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Pryor v. Davis

United States District Court, N.D. Texas, Dallas Division

March 27, 2019

Mickey Frank Pryor, #1536612, Petitioner,
v.
Lorie Davis, Director, TDCJ-CID, Respondent.

          FINDINGS, CONCLUSIONS AND RECOMMENDATION OF THE UNITED STATES MAGISTRATE JUDGE

          RENEE HARRIS TOLIVER UNITED STATES MAGISTRATE JUDGE

         Pursuant to 28 U.S.C. § 636(b) and Special Order 3, Petitioner Mickey Frank Pryor's pro se petition for a writ of habeas corpus under 28 U.S.C. § 2254 was referred to the United States Magistrate Judge for case management. As detailed here, the successive habeas petition should be TRANSFERRED to the United States Court of Appeals for the Fifth Circuit.

         I. BACKGROUND

         Pryor was convicted of assault with a deadly weapon and sentenced to 50 years in prison. See State of Texas v. Pryor, No. F-0800815-X (6th Crim. Dist. Ct., Dallas Cty., Tex., Aug. 18, 2008), aff'd, No. 05-08-01189-CR, 2009 WL 4806201 (Tex. App.-Dallas 2009, pet. ref'd). He unsuccessfully challenged his conviction in state and federal habeas proceedings. See Pryor v. Stephens, No. 3:13-cv-0808-O-BF, 2014 WL 642773, *1 (N.D. Tex. Feb. 19, 2014), aff'd, 624 Fed.Appx. 230 (5th Cir. 2015) (per curiam).

         By this action, Pryor again challenges his underlying conviction, albeit on new grounds. Specifically, he complains that (1) counsel was ineffective for failing to confer with him prior to trial and advise him of a plea offer, (2) the trial court failed to consider a lesser-included offense, (3) there was insufficient evidence to support the deadly-weapon finding, and (4) appellate counsel was ineffective for failing to file a motion for rehearing. Doc. 7 at 6-7 (Amended Petition).

         II. ANALYSIS

         28 U.S.C. § 2244(b) limits the circumstances under which a petitioner may file a second or successive application for federal habeas relief. In general, to raise a new claim, the petitioner must show that the successive application is based on: (1) a new rule of constitutional law made retroactive to cases on collateral review by the Supreme Court; or (2) newly discovered evidence that, if proven and viewed in light of the evidence as a whole, would be sufficient to establish by clear and convincing evidence that no reasonable fact finder would have found him guilty of the offense. See28 U.S.C. § 2244(b)(2). Before a petitioner may file his application in the district court, however, a three-judge panel of the United States Court of Appeals for the Fifth Circuit must determine whether the application makes the requisite prima facie showing. See28 U.S.C. § 2244(b)(3)(A) and (B). Section 2244(b)(3)(A) constitutes a bar to the district court's jurisdiction to consider a successive habeas petition unless the Court of Appeals has first granted the petitioner permission to file such a petition. United States v. Key, 205 F.3d 773, 774 (5th Cir. 2000) (per curiam) (Section 2255 motion); see also Crone v. Cockrell, 324 F.3d 833, 836 (5th Cir. 2003) (Section 2254 habeas petition).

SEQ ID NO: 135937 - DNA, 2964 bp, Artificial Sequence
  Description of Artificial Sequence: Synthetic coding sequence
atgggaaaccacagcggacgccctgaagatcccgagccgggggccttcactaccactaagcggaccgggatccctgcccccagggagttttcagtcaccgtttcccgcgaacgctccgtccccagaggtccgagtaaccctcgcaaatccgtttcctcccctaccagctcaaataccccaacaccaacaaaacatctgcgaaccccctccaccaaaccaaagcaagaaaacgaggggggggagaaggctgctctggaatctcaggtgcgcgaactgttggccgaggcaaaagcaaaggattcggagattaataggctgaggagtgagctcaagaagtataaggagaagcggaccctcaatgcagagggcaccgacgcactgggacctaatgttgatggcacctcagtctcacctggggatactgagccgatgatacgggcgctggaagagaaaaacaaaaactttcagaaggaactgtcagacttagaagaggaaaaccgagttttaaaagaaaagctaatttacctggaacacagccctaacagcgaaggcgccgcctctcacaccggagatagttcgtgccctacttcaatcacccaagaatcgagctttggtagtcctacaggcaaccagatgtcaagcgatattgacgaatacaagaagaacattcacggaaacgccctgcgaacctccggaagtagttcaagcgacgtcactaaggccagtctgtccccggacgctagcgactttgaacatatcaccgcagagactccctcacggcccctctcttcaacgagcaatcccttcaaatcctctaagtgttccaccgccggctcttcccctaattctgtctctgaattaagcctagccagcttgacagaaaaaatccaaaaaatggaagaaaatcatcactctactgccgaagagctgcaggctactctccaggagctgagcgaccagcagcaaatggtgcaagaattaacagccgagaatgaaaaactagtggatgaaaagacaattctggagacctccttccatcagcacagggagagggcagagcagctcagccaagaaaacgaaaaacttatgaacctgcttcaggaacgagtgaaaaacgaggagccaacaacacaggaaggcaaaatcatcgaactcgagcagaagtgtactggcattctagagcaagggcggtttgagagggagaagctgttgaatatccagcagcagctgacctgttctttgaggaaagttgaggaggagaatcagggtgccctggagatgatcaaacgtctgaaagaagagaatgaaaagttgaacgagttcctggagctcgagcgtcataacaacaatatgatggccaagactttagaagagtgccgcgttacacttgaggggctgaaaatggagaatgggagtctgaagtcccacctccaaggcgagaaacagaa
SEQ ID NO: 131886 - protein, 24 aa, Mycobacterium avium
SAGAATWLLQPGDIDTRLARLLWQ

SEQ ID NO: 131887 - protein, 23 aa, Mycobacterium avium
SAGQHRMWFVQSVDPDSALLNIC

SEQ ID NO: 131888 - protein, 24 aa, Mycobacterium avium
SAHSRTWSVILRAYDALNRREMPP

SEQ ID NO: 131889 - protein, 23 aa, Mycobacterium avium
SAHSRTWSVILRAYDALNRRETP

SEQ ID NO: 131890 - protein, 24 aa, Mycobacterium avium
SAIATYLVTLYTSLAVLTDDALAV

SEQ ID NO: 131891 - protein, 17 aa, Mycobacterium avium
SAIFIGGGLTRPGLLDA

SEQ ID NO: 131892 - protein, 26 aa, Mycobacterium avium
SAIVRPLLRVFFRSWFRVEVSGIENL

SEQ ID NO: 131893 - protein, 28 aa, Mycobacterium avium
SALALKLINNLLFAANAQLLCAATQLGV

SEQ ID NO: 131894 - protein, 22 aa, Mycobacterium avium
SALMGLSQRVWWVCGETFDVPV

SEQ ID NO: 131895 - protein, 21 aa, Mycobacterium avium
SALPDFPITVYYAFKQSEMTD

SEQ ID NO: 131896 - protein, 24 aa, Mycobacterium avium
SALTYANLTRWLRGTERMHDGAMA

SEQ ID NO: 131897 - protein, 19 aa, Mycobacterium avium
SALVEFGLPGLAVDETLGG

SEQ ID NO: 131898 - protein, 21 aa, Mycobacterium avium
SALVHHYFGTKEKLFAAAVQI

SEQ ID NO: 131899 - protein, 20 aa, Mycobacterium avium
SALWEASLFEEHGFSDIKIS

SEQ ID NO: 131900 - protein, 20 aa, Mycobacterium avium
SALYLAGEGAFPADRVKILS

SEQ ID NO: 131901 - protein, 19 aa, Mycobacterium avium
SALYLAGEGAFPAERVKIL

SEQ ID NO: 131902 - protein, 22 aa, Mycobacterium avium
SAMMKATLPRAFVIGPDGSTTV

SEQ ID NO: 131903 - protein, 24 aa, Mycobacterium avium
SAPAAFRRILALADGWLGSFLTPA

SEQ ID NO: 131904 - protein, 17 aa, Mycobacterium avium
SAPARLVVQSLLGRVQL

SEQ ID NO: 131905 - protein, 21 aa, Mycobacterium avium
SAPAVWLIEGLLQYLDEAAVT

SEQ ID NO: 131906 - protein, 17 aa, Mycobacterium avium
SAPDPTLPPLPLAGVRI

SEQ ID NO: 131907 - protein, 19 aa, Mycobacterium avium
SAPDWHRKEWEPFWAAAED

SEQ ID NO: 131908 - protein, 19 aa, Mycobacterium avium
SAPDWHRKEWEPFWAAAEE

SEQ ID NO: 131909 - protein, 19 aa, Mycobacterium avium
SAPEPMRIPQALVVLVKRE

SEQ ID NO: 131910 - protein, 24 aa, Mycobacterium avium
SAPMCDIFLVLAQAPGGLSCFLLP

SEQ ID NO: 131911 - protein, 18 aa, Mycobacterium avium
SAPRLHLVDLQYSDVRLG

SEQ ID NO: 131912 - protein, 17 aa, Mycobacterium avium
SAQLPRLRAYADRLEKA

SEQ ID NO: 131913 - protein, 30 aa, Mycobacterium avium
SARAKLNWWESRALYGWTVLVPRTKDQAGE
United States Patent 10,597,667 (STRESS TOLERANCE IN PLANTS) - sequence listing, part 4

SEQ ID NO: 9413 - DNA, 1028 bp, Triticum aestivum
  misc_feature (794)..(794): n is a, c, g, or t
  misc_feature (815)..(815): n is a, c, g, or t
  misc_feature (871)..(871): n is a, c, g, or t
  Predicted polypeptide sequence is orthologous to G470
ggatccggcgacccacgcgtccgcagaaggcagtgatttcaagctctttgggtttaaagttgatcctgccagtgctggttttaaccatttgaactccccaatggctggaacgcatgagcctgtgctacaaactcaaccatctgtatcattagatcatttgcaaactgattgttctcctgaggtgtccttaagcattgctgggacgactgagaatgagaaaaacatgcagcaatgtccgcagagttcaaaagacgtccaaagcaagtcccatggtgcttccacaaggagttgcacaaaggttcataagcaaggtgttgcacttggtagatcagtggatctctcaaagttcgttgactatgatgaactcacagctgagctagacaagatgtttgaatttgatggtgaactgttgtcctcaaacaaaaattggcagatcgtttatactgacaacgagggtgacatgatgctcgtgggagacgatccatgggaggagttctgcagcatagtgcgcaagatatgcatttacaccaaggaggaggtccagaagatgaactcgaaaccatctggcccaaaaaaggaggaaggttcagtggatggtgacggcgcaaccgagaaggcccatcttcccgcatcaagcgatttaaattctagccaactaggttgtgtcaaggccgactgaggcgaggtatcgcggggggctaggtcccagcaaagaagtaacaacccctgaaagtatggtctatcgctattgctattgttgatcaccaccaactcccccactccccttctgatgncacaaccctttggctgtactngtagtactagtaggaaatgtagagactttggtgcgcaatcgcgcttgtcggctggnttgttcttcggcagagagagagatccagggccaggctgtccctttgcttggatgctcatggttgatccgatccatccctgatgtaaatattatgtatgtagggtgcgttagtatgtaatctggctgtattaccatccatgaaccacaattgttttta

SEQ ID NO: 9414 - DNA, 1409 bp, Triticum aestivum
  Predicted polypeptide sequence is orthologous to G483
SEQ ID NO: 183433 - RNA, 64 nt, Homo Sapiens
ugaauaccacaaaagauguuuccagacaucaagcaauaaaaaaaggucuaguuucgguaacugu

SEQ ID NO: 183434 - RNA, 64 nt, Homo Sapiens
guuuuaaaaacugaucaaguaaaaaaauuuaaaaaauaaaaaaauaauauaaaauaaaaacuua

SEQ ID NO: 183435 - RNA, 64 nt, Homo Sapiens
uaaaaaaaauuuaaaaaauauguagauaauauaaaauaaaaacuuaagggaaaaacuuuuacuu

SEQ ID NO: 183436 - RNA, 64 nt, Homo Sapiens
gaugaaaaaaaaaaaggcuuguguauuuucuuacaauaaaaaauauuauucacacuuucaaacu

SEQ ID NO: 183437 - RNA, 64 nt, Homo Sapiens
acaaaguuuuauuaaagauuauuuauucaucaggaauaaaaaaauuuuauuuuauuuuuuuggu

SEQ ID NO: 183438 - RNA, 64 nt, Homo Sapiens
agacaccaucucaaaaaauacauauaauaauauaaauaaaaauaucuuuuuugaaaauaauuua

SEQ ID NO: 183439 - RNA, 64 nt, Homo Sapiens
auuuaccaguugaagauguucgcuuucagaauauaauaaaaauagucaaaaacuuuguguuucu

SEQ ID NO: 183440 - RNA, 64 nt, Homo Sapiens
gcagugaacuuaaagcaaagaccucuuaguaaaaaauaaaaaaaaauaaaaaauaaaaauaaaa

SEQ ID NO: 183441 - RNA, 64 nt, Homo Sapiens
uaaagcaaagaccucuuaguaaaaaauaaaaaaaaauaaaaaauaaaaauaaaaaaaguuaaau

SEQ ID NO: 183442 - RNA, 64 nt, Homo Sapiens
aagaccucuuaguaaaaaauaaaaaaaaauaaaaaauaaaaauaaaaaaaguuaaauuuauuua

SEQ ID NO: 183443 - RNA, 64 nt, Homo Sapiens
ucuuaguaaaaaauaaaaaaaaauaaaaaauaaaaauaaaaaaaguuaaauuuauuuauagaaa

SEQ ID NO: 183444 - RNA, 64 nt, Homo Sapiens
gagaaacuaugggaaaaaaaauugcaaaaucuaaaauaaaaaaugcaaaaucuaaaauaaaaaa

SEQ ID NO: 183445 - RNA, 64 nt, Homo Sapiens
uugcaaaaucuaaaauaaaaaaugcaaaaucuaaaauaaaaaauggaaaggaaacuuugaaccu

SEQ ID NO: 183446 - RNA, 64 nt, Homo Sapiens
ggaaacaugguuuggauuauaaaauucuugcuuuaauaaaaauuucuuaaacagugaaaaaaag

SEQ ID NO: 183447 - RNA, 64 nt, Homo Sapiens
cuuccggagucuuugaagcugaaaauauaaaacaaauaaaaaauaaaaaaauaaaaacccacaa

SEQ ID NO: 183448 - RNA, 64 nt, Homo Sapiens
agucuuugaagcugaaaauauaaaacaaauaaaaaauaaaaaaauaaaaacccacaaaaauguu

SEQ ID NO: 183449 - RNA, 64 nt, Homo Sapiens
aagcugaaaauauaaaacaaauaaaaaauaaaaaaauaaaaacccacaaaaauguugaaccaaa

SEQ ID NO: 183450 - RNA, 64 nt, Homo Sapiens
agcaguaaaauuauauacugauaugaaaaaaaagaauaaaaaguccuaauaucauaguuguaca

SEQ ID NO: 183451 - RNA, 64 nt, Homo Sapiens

The United States Court of Appeals for the Fifth Circuit has not issued an order authorizing this Court to consider the successive petition in this case. Because Pryor must obtain such an order before he can file a successive application challenging his conviction, his Section 2254 petition should be transferred to the United States Court of Appeals for the Fifth Circuit. See Henderson v. Haro, 282 F.3d 862, 864 (5th Cir. 2002); In re Epps, 127 F.3d 364, 365 (5th Cir. 1997).

         III. CONCLUSION

         For the foregoing reasons, Pryor's successive habeas petition should be TRANSFERRED to the United States Court of Appeals for the Fifth Circuit. See28 U.S.C. § 2244(b)(3); 28 U.S.C. § 1631.

         SO RECOMMENDED INSTRUCTIONS FOR SERVICE AND NOTICE OF RIGHT TO APPEAL/OBJECT

         A copy of this report and recommendation will be served on all parties in the manner provided by law. Any party who objects to any part of this report and recommendation must file specific written objections within 14 days after being served with a copy. See28 U.S.C. ยง 636(b)(1); Fed.R.Civ.P. 72(b). An objection must identify the specific finding or recommendation to which objection is made, state the basis for the objection, and specify the place in the magistrate judge's report and recommendation where the disputed determination is found. An objection that merely incorporates by reference or refers to the briefing before the magistrate judge is not specific. Failure to file specific written objections will bar the aggrieved party from appealing the factual findings and legal conclusions of the magistrate judge that are accepted or adopted by the district ...


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